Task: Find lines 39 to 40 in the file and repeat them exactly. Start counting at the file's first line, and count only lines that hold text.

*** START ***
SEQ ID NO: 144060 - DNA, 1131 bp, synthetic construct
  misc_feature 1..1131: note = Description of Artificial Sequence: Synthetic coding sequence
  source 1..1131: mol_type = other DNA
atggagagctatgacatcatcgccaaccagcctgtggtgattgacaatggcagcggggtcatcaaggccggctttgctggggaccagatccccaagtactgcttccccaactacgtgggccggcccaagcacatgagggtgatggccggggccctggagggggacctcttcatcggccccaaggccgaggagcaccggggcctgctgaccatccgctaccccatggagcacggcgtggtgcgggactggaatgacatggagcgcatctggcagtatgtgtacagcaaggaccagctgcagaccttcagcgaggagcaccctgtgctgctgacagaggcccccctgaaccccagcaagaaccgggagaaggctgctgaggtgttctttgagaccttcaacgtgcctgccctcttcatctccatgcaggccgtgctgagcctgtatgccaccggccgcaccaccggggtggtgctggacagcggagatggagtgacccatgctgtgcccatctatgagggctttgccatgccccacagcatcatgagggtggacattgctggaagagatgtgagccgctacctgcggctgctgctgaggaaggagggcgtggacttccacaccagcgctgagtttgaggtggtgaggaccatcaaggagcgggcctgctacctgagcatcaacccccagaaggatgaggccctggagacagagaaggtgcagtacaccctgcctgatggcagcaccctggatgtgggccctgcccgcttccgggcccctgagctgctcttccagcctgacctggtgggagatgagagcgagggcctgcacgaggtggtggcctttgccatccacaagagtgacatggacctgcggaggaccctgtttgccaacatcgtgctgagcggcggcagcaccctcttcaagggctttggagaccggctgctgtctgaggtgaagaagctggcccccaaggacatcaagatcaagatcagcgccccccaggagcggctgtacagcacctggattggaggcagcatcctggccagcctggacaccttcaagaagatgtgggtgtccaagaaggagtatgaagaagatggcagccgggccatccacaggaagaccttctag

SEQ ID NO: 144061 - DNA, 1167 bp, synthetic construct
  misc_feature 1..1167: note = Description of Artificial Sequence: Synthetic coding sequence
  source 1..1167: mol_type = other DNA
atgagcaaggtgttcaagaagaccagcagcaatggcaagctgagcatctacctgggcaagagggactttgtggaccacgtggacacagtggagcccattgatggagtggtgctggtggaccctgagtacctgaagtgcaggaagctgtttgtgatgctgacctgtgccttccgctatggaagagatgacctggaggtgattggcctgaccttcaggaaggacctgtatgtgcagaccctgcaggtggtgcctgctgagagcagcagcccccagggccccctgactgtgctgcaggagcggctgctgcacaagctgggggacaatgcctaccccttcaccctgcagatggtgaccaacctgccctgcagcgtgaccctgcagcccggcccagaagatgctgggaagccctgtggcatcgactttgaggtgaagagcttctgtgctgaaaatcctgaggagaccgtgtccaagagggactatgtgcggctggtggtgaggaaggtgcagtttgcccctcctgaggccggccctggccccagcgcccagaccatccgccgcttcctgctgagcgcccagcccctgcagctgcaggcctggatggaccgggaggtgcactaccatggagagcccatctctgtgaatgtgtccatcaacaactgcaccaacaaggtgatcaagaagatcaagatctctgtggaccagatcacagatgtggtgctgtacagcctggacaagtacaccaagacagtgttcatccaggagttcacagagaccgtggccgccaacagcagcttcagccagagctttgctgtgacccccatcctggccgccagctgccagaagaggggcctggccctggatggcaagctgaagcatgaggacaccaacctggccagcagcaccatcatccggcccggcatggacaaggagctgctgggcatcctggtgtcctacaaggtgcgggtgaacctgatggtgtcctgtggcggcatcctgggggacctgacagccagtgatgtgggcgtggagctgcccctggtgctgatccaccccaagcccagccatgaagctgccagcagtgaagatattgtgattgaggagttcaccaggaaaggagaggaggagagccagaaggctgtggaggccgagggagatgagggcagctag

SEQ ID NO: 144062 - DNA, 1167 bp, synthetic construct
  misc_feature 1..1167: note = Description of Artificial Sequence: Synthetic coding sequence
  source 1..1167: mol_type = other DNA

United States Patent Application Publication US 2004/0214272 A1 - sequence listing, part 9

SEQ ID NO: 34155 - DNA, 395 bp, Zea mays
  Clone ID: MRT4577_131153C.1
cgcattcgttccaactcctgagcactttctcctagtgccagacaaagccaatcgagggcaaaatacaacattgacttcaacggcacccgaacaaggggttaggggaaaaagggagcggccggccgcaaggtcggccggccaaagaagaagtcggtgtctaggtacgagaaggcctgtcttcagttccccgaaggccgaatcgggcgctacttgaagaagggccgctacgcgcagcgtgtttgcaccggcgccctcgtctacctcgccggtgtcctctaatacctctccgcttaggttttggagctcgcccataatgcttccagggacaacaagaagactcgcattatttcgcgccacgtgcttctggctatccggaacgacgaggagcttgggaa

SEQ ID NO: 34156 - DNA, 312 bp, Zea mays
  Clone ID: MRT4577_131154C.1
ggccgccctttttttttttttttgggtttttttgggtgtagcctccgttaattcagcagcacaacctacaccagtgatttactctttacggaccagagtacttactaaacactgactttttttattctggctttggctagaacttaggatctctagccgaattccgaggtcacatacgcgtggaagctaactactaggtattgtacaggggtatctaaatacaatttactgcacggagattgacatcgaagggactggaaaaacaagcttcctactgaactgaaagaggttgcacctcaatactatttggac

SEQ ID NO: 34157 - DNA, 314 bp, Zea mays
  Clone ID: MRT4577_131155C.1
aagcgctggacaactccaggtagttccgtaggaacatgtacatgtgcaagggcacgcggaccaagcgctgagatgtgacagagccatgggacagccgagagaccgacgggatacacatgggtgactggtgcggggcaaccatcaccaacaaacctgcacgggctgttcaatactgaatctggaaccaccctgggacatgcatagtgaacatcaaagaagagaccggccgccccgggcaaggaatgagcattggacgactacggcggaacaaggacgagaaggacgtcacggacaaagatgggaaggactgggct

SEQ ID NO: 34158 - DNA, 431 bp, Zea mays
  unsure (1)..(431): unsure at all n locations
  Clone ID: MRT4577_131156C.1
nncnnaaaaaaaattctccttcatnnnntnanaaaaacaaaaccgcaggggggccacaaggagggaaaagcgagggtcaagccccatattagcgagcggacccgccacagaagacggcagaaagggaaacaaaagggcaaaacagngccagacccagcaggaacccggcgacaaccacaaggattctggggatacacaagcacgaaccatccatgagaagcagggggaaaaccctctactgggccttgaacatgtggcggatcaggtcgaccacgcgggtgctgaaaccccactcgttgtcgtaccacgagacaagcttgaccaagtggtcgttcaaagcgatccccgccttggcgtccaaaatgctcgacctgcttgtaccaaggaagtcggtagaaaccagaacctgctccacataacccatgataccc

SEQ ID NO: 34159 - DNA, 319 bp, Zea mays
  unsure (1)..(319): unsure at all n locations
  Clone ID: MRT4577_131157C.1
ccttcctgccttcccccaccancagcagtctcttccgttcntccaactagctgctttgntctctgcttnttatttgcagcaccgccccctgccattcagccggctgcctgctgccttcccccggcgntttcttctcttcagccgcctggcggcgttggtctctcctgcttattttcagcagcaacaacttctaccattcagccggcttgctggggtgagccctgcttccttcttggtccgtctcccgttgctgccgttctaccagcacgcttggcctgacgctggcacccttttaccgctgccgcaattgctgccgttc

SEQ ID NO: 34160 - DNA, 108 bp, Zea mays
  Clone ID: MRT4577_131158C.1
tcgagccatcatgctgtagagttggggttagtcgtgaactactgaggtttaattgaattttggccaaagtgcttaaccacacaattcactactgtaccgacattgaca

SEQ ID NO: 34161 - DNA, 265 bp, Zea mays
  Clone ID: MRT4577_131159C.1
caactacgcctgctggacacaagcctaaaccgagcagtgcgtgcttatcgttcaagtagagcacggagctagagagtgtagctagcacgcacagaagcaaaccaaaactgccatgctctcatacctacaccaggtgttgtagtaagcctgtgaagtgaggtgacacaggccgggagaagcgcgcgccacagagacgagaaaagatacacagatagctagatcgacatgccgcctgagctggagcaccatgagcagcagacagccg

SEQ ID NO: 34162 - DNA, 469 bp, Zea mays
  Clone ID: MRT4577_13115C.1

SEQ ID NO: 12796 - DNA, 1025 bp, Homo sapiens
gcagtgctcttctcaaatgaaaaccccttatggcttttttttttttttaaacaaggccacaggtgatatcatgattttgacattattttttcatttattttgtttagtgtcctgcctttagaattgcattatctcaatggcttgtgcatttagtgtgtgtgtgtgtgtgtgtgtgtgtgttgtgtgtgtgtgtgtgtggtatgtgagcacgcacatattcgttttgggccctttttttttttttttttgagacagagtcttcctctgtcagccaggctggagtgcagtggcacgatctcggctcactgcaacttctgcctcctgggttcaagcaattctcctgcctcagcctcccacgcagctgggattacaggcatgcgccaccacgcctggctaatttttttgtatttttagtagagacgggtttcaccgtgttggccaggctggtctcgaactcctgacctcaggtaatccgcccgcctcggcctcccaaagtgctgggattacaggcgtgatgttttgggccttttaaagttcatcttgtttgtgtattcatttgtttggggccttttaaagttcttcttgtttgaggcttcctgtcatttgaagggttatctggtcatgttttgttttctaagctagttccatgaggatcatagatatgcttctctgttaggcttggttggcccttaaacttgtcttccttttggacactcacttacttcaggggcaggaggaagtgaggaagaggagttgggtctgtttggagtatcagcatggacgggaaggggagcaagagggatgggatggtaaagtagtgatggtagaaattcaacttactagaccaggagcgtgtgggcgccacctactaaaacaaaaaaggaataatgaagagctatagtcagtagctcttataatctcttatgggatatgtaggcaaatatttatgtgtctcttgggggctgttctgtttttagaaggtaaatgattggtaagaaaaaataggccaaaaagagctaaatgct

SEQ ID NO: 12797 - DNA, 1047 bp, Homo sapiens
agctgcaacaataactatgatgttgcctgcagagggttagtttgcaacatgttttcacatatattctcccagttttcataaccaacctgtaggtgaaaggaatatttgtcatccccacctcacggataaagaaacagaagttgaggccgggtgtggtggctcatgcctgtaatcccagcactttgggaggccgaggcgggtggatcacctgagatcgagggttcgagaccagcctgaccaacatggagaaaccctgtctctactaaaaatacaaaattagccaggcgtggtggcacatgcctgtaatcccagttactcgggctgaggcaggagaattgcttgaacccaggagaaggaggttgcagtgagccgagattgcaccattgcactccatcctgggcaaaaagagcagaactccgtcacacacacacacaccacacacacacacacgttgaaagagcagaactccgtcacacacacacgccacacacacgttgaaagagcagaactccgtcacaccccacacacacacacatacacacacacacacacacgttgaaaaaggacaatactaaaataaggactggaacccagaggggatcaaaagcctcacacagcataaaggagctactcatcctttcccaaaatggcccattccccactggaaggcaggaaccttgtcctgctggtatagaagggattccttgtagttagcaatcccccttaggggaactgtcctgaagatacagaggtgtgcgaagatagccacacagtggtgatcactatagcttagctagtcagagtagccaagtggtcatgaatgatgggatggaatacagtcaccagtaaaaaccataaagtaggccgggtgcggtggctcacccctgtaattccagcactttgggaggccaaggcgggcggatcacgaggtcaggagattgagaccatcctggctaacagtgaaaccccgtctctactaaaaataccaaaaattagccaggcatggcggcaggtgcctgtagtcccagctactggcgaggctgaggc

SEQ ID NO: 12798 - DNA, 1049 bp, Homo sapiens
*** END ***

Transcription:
gcagtgctcttctcaaatgaaaaccccttatggcttttttttttttttaaacaaggccacaggtgatatcatgattttgacattattttttcatttattttgtttagtgtcctgcctttagaattgcattatctcaatggcttgtgcatttagtgtgtgtgtgtgtgtgtgtgtgtgtgttgtgtgtgtgtgtgtgtggtatgtgagcacgcacatattcgttttgggccctttttttttttttttttgagacagagtcttcctctgtcagccaggctggagtgcagtggcacgatctcggctcactgcaacttctgcctcctgggttcaagcaattctcctgcctcagcctcccacgcagctgggattacaggcatgcgccaccacgcctggctaatttttttgtatttttagtagagacgggtttcaccgtgttggccaggctggtctcgaactcctgacctcaggtaatccgcccgcctcggcctcccaaagtgctgggattacaggcgtgatgttttgggccttttaaagttcatcttgtttgtgtattcatttgtttggggccttttaaagttcttcttgtttgaggcttcctgtcatttgaagggttatctggtcatgttttgttttctaagctagttccatgaggatcatagatatgcttctctgttaggcttggttggcccttaaacttgtcttccttttggacactcacttacttcaggggcaggaggaagtgaggaagaggagttgggtctgtttggagtatcagcatggacgggaaggggagcaagagggatgggatggtaaagtagtgatggtagaaattcaacttactagaccaggagcgtgtgggcgccacctactaaaacaaaaaaggaataatgaagagctatagtcagtagctcttataatctcttatgggatatgtaggcaaatatttatgtgtctcttgggggctgttctgtttttagaaggtaaatgattggtaagaaaaaataggccaaaaagagctaaatgct

SEQ ID NO: 12797 - DNA, 1047 bp, Homo sapiens